By M.P. Pellicer | Stranger Than Fiction Stories
In 1939, reports came in that a sea serpent had washed up on Point Grey Beach in Vancouver. However sightings of these creatures off the North Atlantic coast go back more than a hundred years.
On January 14, 1939, Johnnie Davies was fishing on Williams Lake, British Columbia when he hooked something that not only pulled ferociously, but which he could see was a huge, dark shape beneath the ice. He tried to hold on but ended up letting go. According to him he thought it was the famed Ogopogo usually seen at Okanagan Lake. Fishermen in the area said he had probably hooked a land-locked sturgeon.
It seems that January was a busy month for unusual finds. In the cornfields of C.B. Campbell, who lived near Lynch, Nebraska a dust storm exposed the fossil of a monster that later was dubbed a "sea serpent".
It measured about 20-feet, and the marks of giant molar teeth on its bones and brain cavity, indicated it became a meal for a larger predator.
Examination of the skeleton showed it was losing its gills and had two front claws or paddle wrist bones. It also had a blow-hole on top of the head, perhaps to inflate the head. Scientists opined it probably dated back to the Cretaceous period, but they couldn't agree what kind of sea monster had been found. They concluded that the "tail, bones and teeth belonged to three different orders of marine reptiles."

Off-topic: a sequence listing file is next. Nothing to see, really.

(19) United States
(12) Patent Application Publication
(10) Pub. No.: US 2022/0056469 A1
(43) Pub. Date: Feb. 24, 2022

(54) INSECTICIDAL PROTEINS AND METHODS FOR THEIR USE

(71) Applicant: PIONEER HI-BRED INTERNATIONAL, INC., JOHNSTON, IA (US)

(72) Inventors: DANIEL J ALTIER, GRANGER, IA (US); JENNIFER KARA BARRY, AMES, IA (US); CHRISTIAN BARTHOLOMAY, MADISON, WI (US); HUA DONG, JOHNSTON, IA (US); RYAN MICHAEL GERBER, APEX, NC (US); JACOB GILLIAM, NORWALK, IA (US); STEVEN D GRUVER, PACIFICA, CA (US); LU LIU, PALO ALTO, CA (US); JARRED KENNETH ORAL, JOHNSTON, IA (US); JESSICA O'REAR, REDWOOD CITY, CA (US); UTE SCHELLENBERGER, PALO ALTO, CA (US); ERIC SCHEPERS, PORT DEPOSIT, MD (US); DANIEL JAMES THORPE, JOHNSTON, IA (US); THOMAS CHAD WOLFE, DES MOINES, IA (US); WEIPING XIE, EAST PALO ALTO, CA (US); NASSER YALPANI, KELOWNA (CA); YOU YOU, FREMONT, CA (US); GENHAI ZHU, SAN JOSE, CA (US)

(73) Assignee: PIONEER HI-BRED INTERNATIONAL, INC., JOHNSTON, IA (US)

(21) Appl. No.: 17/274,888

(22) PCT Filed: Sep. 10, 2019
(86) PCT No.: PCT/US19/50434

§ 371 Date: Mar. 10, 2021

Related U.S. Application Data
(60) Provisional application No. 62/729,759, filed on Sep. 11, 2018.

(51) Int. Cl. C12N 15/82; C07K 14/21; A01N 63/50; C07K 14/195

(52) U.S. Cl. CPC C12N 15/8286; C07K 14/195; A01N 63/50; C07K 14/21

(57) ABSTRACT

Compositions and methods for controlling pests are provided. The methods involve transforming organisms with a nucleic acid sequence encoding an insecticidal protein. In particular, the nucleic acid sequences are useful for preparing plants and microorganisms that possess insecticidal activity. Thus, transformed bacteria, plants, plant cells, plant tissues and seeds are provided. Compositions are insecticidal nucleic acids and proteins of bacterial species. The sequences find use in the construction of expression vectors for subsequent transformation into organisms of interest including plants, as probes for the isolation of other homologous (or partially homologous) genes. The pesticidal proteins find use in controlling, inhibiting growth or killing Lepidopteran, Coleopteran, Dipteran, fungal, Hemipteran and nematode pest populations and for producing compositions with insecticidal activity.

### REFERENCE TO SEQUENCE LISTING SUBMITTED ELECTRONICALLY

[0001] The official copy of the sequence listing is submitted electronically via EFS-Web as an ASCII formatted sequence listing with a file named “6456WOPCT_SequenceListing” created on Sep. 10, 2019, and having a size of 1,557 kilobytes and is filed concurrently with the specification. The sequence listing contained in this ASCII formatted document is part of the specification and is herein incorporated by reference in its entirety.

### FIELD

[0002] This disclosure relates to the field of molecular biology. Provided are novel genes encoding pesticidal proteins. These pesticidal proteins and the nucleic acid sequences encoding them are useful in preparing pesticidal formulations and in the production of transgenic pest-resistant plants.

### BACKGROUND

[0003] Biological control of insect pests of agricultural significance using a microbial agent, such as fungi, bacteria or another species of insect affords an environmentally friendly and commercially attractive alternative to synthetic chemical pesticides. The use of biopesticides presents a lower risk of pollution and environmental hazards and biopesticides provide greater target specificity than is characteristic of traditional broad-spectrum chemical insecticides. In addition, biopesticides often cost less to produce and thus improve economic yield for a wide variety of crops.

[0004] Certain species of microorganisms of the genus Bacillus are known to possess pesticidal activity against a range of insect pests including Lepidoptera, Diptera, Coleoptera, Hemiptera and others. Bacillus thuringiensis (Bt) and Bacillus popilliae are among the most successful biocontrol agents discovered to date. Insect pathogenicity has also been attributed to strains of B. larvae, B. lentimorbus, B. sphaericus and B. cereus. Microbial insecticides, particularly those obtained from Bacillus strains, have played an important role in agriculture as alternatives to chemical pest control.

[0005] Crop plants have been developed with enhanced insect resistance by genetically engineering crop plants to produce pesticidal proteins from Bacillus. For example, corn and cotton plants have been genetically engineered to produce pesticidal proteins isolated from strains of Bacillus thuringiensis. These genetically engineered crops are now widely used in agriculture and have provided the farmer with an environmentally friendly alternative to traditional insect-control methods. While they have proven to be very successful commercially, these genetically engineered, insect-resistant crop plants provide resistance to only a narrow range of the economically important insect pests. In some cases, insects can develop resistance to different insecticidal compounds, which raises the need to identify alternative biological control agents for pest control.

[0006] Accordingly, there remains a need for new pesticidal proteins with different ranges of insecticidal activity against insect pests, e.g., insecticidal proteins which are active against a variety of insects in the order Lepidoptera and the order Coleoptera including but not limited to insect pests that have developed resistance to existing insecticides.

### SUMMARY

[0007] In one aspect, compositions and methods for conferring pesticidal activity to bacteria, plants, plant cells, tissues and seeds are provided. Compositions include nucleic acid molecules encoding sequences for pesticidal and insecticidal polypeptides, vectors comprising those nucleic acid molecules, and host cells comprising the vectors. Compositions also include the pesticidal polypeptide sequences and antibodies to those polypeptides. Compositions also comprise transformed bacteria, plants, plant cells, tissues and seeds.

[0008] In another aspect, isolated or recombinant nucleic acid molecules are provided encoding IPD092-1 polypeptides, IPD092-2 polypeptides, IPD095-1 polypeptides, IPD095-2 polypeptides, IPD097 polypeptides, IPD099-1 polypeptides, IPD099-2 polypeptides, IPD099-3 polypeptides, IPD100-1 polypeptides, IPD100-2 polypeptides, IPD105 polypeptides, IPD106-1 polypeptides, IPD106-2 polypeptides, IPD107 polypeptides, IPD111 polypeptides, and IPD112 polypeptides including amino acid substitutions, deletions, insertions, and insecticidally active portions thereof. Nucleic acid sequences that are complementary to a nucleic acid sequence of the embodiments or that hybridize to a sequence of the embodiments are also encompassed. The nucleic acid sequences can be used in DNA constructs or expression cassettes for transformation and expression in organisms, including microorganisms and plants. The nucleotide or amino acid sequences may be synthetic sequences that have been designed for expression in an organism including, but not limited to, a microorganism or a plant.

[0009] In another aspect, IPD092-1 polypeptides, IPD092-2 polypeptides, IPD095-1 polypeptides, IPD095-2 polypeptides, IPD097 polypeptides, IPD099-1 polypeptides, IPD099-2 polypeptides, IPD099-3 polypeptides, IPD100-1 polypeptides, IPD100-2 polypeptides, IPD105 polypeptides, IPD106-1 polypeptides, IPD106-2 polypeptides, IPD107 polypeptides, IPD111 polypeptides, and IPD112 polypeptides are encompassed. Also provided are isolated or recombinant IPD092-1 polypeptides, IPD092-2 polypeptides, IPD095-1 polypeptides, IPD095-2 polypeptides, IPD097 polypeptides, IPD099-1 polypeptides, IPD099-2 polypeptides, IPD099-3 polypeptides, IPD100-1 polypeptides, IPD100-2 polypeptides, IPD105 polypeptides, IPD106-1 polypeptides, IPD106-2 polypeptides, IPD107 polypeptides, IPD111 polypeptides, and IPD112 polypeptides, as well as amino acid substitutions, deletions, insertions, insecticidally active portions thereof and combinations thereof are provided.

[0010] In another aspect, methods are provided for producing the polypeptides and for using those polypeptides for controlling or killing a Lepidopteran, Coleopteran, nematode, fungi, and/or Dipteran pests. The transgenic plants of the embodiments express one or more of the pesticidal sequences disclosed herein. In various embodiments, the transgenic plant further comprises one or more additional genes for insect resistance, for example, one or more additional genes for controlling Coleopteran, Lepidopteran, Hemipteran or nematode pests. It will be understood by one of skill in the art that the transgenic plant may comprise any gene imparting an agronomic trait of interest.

The beast could swallow food whole, the same as a python, and the items found in the stomach included the tooth of a young shark, small fish vertebrae, stomach gravel, several scales of an unidentified sea animal and a number of vertebrae.
It was initially named "Xenocephal", and some claimed it looked much like modern sightings of sea serpents.
Campbell dug out 1,964 bones and 1,325 vertebrae.
Then on January 18, 1939, it was reported that a 20-foot skeleton of a sea serpent had washed up near the Wood End coast guard station.
The remains included vertebrae 8 inches in diameter, and four protuberances that appeared to be joints for legs or flippers. The skull was toothless.
What little flesh was left on the bones was picked clean by the gulls.
The commanding officer at the station said, "It couldn't have been a whale or a blackfish. The head must have been something like a crocodile's."
The old timer's at Provincetown, Massachusetts recalled the sea serpent sighting of 1886.
A fish expert, Dr. Remington Kellogg, said it was the backbone of a basking shark, claiming that when a shark decayed only the spinal column and part of the skull were left. This opinion was based after he examined the pictures only, not the remains itself.
As far back as 1817, a sea serpent was sighted in the area around Gloucester Harbor in Cape Ann. It was described as having a head like a horse or a large dog. Its body was round like a snake's but connected by joints. It was estimated to be at least 40 feet long. Its motion was serpentine and it could swim rapidly despite its size. It was seen lying near the surface of the water. It would frequently leave a wake of half a mile in length. Then on August 23, 1817, it was seen off Kettle Island following and feasting on a large school of alewives.